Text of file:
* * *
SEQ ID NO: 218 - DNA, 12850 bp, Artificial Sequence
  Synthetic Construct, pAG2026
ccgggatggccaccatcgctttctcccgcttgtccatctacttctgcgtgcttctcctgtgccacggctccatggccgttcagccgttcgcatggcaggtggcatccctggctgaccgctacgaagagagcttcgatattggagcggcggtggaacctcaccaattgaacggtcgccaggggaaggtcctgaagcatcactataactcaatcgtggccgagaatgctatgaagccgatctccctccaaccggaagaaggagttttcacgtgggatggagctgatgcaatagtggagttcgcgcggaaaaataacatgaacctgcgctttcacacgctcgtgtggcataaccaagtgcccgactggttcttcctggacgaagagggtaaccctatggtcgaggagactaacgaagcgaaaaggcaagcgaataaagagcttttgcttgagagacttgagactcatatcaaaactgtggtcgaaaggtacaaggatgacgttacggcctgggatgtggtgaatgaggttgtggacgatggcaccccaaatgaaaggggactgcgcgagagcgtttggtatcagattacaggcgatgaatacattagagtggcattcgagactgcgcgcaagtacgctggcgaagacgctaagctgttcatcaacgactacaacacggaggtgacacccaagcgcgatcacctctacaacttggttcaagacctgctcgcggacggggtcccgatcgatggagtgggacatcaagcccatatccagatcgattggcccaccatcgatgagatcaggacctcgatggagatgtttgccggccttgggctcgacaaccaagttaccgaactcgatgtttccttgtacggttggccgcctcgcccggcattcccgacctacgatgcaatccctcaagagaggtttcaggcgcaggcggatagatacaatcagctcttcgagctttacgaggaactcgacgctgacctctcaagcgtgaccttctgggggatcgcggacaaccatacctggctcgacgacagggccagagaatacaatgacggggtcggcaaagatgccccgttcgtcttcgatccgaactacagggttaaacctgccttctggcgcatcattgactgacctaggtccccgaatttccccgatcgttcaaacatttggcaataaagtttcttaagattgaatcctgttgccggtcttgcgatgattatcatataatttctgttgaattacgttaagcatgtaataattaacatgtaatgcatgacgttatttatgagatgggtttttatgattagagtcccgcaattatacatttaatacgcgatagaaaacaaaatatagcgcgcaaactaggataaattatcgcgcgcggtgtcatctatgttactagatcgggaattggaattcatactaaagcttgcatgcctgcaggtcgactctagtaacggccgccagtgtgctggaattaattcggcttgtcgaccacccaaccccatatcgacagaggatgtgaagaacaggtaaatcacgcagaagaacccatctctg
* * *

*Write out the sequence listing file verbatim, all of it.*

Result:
SEQ ID NO: 218 - DNA, 12850 bp, Artificial Sequence
  Synthetic Construct, pAG2026
ccgggatggccaccatcgctttctcccgcttgtccatctacttctgcgtgcttctcctgtgccacggctccatggccgttcagccgttcgcatggcaggtggcatccctggctgaccgctacgaagagagcttcgatattggagcggcggtggaacctcaccaattgaacggtcgccaggggaaggtcctgaagcatcactataactcaatcgtggccgagaatgctatgaagccgatctccctccaaccggaagaaggagttttcacgtgggatggagctgatgcaatagtggagttcgcgcggaaaaataacatgaacctgcgctttcacacgctcgtgtggcataaccaagtgcccgactggttcttcctggacgaagagggtaaccctatggtcgaggagactaacgaagcgaaaaggcaagcgaataaagagcttttgcttgagagacttgagactcatatcaaaactgtggtcgaaaggtacaaggatgacgttacggcctgggatgtggtgaatgaggttgtggacgatggcaccccaaatgaaaggggactgcgcgagagcgtttggtatcagattacaggcgatgaatacattagagtggcattcgagactgcgcgcaagtacgctggcgaagacgctaagctgttcatcaacgactacaacacggaggtgacacccaagcgcgatcacctctacaacttggttcaagacctgctcgcggacggggtcccgatcgatggagtgggacatcaagcccatatccagatcgattggcccaccatcgatgagatcaggacctcgatggagatgtttgccggccttgggctcgacaaccaagttaccgaactcgatgtttccttgtacggttggccgcctcgcccggcattcccgacctacgatgcaatccctcaagagaggtttcaggcgcaggcggatagatacaatcagctcttcgagctttacgaggaactcgacgctgacctctcaagcgtgaccttctgggggatcgcggacaaccatacctggctcgacgacagggccagagaatacaatgacggggtcggcaaagatgccccgttcgtcttcgatccgaactacagggttaaacctgccttctggcgcatcattgactgacctaggtccccgaatttccccgatcgttcaaacatttggcaataaagtttcttaagattgaatcctgttgccggtcttgcgatgattatcatataatttctgttgaattacgttaagcatgtaataattaacatgtaatgcatgacgttatttatgagatgggtttttatgattagagtcccgcaattatacatttaatacgcgatagaaaacaaaatatagcgcgcaaactaggataaattatcgcgcgcggtgtcatctatgttactagatcgggaattggaattcatactaaagcttgcatgcctgcaggtcgactctagtaacggccgccagtgtgctggaattaattcggcttgtcgaccacccaaccccatatcgacagaggatgtgaagaacaggtaaatcacgcagaagaacccatctctg